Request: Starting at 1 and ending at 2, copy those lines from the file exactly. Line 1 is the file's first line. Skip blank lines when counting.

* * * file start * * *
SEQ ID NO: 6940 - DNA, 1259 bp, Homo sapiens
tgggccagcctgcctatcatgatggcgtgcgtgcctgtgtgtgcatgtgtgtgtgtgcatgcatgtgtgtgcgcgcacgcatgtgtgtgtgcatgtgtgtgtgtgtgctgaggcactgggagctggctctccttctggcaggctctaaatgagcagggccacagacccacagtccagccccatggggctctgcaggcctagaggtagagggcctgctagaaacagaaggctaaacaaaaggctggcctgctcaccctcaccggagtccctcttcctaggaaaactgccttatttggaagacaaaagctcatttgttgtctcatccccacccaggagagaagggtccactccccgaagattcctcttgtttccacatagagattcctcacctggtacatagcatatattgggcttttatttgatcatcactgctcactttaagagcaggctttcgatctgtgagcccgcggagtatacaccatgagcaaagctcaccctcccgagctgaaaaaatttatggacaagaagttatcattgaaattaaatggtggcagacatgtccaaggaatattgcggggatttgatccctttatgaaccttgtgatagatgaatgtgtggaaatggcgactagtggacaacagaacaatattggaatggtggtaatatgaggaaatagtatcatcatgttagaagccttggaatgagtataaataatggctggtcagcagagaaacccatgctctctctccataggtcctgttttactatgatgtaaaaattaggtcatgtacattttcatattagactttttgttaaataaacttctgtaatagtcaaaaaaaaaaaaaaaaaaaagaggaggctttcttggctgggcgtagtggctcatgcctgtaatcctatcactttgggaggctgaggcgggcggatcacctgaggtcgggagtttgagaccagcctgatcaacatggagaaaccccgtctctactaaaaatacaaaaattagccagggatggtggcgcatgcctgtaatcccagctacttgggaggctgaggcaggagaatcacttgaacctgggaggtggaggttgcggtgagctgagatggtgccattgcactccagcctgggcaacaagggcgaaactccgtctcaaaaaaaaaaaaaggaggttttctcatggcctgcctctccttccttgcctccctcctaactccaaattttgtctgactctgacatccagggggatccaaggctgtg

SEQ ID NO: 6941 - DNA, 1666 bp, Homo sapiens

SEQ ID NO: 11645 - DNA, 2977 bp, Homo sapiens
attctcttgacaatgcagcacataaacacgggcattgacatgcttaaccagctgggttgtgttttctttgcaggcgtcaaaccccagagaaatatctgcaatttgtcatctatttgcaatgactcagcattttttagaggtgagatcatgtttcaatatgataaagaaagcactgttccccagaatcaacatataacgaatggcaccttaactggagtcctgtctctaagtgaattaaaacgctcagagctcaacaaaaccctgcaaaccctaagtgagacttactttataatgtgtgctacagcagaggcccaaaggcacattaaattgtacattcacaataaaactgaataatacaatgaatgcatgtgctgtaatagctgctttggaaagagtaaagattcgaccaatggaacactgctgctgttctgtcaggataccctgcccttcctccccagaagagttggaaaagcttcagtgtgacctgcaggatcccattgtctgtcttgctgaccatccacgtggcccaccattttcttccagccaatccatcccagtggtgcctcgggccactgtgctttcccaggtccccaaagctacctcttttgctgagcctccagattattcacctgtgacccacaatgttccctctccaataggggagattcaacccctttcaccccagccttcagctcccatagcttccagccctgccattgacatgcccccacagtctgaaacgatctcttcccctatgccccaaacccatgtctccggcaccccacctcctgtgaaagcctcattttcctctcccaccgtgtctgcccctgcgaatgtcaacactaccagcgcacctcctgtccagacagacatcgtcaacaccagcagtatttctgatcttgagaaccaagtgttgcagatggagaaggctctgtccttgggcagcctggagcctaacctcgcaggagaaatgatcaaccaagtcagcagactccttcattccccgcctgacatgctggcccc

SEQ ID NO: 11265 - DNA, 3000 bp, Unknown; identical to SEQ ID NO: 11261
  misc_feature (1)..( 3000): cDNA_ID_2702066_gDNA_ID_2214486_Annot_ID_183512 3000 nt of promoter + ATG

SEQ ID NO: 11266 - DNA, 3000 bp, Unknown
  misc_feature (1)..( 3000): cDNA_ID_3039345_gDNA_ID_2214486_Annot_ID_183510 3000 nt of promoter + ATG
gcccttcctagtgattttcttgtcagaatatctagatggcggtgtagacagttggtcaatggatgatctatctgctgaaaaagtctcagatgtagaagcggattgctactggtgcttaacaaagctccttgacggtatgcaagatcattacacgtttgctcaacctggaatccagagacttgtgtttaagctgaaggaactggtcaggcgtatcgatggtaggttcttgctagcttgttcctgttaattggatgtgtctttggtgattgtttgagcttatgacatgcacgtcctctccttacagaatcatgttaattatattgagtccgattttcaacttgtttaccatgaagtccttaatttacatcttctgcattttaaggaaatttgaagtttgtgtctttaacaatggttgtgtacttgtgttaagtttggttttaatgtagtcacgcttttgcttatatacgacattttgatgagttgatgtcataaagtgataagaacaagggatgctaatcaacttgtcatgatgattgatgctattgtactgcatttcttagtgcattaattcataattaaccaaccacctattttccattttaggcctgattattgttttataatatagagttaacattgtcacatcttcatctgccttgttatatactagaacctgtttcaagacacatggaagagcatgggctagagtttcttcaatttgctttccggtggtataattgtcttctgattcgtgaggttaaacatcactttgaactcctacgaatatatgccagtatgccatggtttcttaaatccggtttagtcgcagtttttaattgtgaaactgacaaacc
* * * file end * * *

SEQ ID NO: 6940 - DNA, 1259 bp, Homo sapiens
tgggccagcctgcctatcatgatggcgtgcgtgcctgtgtgtgcatgtgtgtgtgtgcatgcatgtgtgtgcgcgcacgcatgtgtgtgtgcatgtgtgtgtgtgtgctgaggcactgggagctggctctccttctggcaggctctaaatgagcagggccacagacccacagtccagccccatggggctctgcaggcctagaggtagagggcctgctagaaacagaaggctaaacaaaaggctggcctgctcaccctcaccggagtccctcttcctaggaaaactgccttatttggaagacaaaagctcatttgttgtctcatccccacccaggagagaagggtccactccccgaagattcctcttgtttccacatagagattcctcacctggtacatagcatatattgggcttttatttgatcatcactgctcactttaagagcaggctttcgatctgtgagcccgcggagtatacaccatgagcaaagctcaccctcccgagctgaaaaaatttatggacaagaagttatcattgaaattaaatggtggcagacatgtccaaggaatattgcggggatttgatccctttatgaaccttgtgatagatgaatgtgtggaaatggcgactagtggacaacagaacaatattggaatggtggtaatatgaggaaatagtatcatcatgttagaagccttggaatgagtataaataatggctggtcagcagagaaacccatgctctctctccataggtcctgttttactatgatgtaaaaattaggtcatgtacattttcatattagactttttgttaaataaacttctgtaatagtcaaaaaaaaaaaaaaaaaaaagaggaggctttcttggctgggcgtagtggctcatgcctgtaatcctatcactttgggaggctgaggcgggcggatcacctgaggtcgggagtttgagaccagcctgatcaacatggagaaaccccgtctctactaaaaatacaaaaattagccagggatggtggcgcatgcctgtaatcccagctacttgggaggctgaggcaggagaatcacttgaacctgggaggtggaggttgcggtgagctgagatggtgccattgcactccagcctgggcaacaagggcgaaactccgtctcaaaaaaaaaaaaaggaggttttctcatggcctgcctctccttccttgcctccctcctaactccaaattttgtctgactctgacatccagggggatccaaggctgtg